Improve emergency room care for children with croup by reducing the parent’s anxiety through education about the virus’ effects and treatment. Watching your young child struggle for breath with croup is a terrifying experience, but it doesn’t need to be. Keeping you and your child calm through the experience is important because getting excited can make the symptoms worse.
We created an interactive eBook and website delivered on tablets in emergency rooms. The interactive experience shows users exactly what to expect as they deal with croup from diagnosis to treatment. The eBook is fully illustrated in storybook format making it accessible to parents and children so they can learn and stay calm together.
The resource is based on a series of croup storybooks previously researched and developed by TRanslating Emergency Knowledge for Kids (TREKK). We re-imagined the books in an interactive digital format to improve distribution (parents can access them online from any device) and to more effectively evaluate their effectiveness.
As part of the evaluation process we integrated analytics to show us how parents used the eBooks and designed a survey to capture their perceptions about the experience.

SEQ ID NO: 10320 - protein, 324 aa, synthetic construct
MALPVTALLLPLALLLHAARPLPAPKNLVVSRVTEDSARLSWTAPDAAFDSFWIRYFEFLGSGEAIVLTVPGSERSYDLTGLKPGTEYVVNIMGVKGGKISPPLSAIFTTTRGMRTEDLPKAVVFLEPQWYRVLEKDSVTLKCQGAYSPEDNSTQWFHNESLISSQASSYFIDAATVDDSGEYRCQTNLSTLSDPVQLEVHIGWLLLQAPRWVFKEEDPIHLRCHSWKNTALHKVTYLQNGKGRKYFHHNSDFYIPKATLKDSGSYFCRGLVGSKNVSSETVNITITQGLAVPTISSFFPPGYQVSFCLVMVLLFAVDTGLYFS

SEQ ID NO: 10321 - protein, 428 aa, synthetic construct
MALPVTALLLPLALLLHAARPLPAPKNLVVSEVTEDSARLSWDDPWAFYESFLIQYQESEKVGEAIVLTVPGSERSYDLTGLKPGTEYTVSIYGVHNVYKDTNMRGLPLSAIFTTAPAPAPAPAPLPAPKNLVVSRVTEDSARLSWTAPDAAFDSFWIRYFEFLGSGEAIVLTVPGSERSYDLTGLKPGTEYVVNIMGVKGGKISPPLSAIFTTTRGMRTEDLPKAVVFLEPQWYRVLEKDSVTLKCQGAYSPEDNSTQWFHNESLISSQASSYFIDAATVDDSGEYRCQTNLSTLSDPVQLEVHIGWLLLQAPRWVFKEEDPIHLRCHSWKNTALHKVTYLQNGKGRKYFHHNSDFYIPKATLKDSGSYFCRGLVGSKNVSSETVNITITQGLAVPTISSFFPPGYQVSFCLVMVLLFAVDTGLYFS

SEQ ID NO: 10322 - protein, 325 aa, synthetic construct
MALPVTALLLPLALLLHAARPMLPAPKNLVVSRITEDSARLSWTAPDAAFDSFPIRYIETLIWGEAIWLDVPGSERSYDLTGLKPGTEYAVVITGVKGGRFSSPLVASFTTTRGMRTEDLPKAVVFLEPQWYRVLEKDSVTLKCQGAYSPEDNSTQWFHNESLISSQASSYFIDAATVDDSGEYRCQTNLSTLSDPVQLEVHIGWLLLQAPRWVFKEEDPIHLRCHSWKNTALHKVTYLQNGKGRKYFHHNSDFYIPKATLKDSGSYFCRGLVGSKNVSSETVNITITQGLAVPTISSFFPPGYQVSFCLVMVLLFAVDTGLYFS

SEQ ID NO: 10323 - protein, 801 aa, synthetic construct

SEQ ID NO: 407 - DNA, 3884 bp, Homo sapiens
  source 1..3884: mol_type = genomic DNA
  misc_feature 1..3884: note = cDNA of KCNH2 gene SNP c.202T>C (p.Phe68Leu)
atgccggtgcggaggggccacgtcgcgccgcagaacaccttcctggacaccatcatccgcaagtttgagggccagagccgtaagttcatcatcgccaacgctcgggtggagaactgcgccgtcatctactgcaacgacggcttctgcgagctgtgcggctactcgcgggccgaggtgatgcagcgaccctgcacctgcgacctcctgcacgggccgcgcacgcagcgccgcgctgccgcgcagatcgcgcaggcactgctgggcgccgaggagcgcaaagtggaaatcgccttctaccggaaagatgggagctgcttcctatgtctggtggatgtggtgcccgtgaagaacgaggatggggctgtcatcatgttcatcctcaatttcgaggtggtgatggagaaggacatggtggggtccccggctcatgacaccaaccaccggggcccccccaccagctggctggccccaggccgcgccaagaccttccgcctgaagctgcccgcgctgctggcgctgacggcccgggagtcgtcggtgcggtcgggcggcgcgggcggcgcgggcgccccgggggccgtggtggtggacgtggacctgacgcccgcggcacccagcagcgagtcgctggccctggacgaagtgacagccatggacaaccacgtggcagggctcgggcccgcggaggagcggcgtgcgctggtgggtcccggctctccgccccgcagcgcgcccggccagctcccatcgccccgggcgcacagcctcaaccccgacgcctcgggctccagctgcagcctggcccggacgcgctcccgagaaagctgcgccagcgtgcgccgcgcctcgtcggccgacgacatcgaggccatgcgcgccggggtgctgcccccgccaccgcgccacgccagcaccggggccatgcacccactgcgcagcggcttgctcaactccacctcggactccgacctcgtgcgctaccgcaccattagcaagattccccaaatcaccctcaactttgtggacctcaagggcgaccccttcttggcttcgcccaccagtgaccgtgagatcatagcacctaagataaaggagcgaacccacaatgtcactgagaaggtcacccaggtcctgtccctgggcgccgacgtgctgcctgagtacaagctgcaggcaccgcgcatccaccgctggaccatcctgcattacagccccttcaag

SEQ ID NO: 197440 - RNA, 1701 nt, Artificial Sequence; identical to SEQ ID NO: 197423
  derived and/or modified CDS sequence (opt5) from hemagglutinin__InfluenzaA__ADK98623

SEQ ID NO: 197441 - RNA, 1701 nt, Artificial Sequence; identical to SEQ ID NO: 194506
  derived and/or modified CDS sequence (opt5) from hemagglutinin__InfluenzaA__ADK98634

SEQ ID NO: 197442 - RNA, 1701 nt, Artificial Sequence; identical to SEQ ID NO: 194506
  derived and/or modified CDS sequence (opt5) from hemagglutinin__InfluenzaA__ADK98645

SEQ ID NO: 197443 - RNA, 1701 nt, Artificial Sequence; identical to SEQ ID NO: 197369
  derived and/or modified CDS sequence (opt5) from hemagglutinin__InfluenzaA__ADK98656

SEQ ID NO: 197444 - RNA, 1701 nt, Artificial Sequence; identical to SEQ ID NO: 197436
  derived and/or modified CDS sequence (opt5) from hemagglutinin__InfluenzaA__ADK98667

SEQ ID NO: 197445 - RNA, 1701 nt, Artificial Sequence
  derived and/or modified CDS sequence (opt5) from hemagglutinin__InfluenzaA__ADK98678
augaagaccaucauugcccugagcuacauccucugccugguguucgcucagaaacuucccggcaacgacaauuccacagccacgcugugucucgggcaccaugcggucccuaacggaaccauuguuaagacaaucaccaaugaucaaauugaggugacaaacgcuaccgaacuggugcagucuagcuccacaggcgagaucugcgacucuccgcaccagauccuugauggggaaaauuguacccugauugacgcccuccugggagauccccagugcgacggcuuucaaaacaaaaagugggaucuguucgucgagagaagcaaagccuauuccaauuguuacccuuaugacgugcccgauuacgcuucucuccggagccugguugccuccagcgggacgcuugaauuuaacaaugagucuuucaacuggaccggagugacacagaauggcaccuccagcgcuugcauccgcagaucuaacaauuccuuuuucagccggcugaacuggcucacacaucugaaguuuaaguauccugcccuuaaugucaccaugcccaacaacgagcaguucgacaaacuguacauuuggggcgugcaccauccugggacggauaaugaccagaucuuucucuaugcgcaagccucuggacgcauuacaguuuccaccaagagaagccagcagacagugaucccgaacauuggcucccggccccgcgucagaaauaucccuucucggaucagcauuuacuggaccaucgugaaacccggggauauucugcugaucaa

The interactive eBook and website were successfully delivered. They’re currently undergoing evaluation in emergency rooms across Canada.
TREKK – TRanslating Emergency Knowledge for Kids (TREKK)
A growing network of researchers, clinicians, national organizations and health consumers who share the same goal – to improve emergency care for children across Canada.
Children’s Hospital Research Institute of Manitoba (CHRIM)
The Institute offers hope to children and their families, as researchers work towards medical breakthroughs and cures for childhood illness. CHRIM is the only research institute dedicated exclusively to pediatric research in Canada’s Prairie Provinces. At the Institute, over 270 world-class pediatric medical researchers, technical staff, students and support staff are involved in over $10 million of research and clinical trial activity each year.